Venezuelan Crisis Widens as American Firms Flee Impending Election
Venezuelans will be going to the polls Sunday in a disputed presidential election despite calls from a number of countries, including the United States, for the South American country to suspend the election due to perceived irregularities in the election process. The election date was moved up from December to May by Venezuelan president Nicolas Maduro, who controls the legislature, the electoral college, the military and the court system in the beleaguered South American country where he heads the United Socialist Party of Venezuela. The United Socialist Party was created by the late Hugo Chavez during his drive to consolidate his power over the heavily factionalized nation.
Nicholas Maduro Moros, 55, started off as a bus driver, became a union leader, joined Hugo Chavez’s reform movement and succeeded Chavez after Chavez died of colon cancer while in office. As controversial a figure as Chavez was, Maduro has far outstripped with a regime that has been labeled as totalitarian and corrupt.
Maduro’s victory in the polling on Sunday appears to be a foregone conclusion, despite the fact that the country is in a shambles economically while it sits on huge petroleum reserves, a conundrum that can only be explained by the huge consolidation of wealth that has taken place under the Maduro regime.
In 2017, the country had an inflation rate of 2,616%, while its Gross Domestic Product declined by more than 13% according to opposition leaders, despite the fact that Venezuela has the world’s largest oil reserves with 297 billion barrels. Second place Saudi Arabia has 265 billion barrels, according to a published study by British Petroleum (BP).
The Venezuelan economy tanked in 2016 when oil prices dropped in 2016, according to a story published by PBS. Conditions worsened when the Trump administration issued financial sanctions against Venezuela after Venezuelan president Nicolas Maduro convened a special assembly to rewrite the country’s constitution to consolidate the power of the presidency.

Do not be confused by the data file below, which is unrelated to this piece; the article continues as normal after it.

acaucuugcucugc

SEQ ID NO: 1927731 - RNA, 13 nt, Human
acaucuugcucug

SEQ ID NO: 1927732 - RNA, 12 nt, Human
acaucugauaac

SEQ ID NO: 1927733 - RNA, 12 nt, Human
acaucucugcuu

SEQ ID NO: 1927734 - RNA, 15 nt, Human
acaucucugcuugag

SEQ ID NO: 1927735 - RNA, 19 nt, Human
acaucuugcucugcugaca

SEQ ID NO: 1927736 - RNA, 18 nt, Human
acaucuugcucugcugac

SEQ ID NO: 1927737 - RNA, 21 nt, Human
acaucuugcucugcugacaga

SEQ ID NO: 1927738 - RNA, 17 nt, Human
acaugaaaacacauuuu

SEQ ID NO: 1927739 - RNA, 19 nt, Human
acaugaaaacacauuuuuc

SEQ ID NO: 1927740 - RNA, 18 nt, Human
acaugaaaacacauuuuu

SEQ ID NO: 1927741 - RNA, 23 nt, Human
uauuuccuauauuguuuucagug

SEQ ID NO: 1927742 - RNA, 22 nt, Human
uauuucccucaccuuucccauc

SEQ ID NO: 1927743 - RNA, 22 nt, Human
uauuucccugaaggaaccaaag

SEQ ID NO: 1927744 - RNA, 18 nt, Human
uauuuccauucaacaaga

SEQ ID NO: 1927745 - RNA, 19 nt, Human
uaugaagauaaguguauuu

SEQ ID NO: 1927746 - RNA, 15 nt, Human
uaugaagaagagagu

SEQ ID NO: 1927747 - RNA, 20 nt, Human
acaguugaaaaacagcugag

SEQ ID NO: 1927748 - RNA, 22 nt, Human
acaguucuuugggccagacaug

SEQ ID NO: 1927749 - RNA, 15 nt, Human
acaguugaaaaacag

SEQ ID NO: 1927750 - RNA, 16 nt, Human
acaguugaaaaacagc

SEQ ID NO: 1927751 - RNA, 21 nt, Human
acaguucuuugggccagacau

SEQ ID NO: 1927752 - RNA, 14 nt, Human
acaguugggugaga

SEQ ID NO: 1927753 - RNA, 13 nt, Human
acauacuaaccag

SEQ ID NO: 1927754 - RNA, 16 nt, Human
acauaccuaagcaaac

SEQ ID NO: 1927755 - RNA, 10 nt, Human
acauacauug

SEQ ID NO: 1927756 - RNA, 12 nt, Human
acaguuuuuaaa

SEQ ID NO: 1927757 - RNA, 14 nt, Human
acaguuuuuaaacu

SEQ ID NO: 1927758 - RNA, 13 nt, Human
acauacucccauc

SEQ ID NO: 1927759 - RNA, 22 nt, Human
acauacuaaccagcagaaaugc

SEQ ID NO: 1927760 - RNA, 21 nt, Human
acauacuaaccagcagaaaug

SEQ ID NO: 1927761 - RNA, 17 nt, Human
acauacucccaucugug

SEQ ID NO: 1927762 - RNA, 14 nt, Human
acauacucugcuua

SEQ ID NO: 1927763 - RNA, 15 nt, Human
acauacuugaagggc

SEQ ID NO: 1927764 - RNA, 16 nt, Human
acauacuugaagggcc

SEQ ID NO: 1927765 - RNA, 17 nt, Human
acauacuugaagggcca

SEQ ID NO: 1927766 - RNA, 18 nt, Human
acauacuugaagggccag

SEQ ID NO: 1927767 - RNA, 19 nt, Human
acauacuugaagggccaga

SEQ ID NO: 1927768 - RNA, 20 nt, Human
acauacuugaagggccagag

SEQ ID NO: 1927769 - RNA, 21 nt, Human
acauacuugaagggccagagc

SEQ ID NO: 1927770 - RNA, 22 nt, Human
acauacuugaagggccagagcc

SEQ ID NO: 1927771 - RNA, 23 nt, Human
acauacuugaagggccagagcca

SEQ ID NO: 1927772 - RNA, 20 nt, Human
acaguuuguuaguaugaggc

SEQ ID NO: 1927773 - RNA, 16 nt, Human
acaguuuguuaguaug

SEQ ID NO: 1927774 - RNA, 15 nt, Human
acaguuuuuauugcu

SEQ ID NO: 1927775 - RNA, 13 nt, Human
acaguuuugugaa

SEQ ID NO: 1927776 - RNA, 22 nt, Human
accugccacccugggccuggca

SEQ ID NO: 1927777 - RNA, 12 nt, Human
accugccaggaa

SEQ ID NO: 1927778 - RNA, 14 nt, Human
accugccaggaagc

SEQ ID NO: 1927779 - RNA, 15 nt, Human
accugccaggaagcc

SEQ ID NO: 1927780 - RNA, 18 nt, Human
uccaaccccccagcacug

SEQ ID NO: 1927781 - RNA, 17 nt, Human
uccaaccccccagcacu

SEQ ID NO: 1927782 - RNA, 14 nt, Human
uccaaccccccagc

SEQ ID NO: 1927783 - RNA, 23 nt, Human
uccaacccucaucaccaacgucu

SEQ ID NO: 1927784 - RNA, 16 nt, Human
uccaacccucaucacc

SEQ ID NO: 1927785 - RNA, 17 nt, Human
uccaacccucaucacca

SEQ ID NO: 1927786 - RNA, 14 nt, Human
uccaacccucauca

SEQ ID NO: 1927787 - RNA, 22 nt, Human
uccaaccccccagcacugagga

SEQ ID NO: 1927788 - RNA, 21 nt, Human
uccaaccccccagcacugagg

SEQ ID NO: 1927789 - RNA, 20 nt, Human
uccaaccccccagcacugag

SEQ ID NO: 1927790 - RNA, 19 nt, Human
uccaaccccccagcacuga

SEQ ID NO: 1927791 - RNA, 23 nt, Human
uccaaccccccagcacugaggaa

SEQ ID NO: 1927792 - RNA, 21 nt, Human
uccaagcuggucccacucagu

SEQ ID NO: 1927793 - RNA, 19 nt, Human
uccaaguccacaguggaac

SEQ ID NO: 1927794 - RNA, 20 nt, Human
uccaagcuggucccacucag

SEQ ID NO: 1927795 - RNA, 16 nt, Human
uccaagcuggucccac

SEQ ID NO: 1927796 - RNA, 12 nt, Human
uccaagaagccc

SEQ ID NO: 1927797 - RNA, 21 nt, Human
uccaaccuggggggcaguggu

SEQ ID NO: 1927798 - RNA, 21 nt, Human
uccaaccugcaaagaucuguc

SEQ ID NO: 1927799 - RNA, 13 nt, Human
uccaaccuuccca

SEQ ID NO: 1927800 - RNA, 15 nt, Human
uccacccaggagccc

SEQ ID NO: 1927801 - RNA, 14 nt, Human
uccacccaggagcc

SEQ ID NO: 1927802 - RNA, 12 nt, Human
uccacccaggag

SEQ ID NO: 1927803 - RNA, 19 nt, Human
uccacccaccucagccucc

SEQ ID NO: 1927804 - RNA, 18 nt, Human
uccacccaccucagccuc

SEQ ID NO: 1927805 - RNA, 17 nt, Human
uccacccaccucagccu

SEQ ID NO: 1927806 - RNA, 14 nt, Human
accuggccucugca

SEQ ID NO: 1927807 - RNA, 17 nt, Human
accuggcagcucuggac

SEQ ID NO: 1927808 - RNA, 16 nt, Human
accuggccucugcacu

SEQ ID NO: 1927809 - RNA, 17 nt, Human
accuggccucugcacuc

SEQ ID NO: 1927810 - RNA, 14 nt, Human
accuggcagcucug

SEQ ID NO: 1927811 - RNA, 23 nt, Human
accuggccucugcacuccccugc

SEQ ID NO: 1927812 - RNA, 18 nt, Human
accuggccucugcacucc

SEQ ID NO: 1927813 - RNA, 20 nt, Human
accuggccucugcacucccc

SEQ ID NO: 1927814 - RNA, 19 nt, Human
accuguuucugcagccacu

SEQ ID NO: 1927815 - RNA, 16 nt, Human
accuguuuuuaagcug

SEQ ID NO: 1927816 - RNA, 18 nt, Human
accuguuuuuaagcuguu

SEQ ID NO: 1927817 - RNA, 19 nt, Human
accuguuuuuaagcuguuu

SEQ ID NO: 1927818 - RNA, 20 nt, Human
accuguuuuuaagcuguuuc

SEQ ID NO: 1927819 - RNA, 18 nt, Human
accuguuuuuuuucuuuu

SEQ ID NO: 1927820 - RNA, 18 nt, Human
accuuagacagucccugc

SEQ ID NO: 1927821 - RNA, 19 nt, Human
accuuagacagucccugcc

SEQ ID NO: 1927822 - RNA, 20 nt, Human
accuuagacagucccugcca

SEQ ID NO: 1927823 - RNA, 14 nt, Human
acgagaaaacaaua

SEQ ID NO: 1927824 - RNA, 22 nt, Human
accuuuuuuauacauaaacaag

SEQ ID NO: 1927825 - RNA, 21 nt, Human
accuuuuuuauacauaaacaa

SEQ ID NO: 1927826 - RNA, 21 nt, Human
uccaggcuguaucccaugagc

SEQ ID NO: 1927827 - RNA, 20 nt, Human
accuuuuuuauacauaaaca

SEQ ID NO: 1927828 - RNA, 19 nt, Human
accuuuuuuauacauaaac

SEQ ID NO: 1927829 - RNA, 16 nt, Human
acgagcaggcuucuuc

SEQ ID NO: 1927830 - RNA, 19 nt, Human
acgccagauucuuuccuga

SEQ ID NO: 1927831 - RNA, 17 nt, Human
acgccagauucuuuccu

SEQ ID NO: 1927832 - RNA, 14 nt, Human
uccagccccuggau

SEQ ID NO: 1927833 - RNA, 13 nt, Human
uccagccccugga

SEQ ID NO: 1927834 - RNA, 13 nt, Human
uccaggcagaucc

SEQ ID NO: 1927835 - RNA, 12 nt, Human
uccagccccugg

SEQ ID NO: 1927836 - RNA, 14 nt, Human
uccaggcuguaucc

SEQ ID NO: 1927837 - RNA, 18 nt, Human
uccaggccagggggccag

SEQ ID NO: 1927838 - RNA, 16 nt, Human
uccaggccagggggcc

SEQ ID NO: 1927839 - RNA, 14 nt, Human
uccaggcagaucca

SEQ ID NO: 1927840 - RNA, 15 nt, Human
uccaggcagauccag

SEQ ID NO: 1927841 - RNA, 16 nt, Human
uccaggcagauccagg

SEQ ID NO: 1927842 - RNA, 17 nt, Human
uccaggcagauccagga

Oil prices have since rebounded from the 2016 slump, with U.S. gasoline prices now hovering at around $3 per gallon for regular gasoline, but the economic sanctions imposed by the Trump administration have made it impossible for Venezuela to sell its oil to the American market. This has had the effect of putting even more money into the pockets of Trump’s supporters in the U.S. oil industry.
In retaliation, Venezuela has issued its own cryptocurrency, the petro, in March of this year. Forty four million petros were claimed to be in the cryptocurrency package with a nominal price of US $60 per coin, with a total value of US $2.64. Unlike most cryptocurrencies, which are backed only by the effort required to mine the coins, the petro is allegedly backed by Venezuela’s oil reserves….but $2.6 billion is a drop in the bucket when it comes the amount required to dig Venezuela out of its financial crisis.
The economic crisis in Venezuela continues to escalate, forcing American firms to pick up their products and exit the country, with Kellogg’s being the latest to join the exodus. The situation in Venezuela combines political unrest with fiscal mismanagement.
The American breakfast food giant is following Colgate-Palmolive, General Mills and Kimberly-Clark in the consumer products category. With the departure of Kellogg’s and General Mills, Venezuelans will have to scrounge to find cereals and grains. A recently published Reuters article suggests that Kellogg’s breakfast food products are the most popular and most easily obtain cereals in the country. By shutting down its Venezuelan operation, Kellogg’s has reduced the supplies of breakfast cereals by more than 75%, contributing further to the hyperinflation, which some economists describe as the worst since the Great Depression. The Maduro regime nationalized the Kellogg plants and had them back in operation in 24 hours.
In the manufacturing sector, General Motors shut down its plants in Venezuela last year after one of its factories was seized by the Venezuelan government. Bridgestone Tire has also left the country. In the energy sector. Chevron pulled up stakes last month after two of its employees were arrested.
A dozen nations have filed protests over the election…but no one expects the protests to have any effect. The motivation behind the protests appears to be the fear that a re-elected Maduro regime will spend the next six years nationalizing foreign interests in the country as the members of the ruling party cash in on process.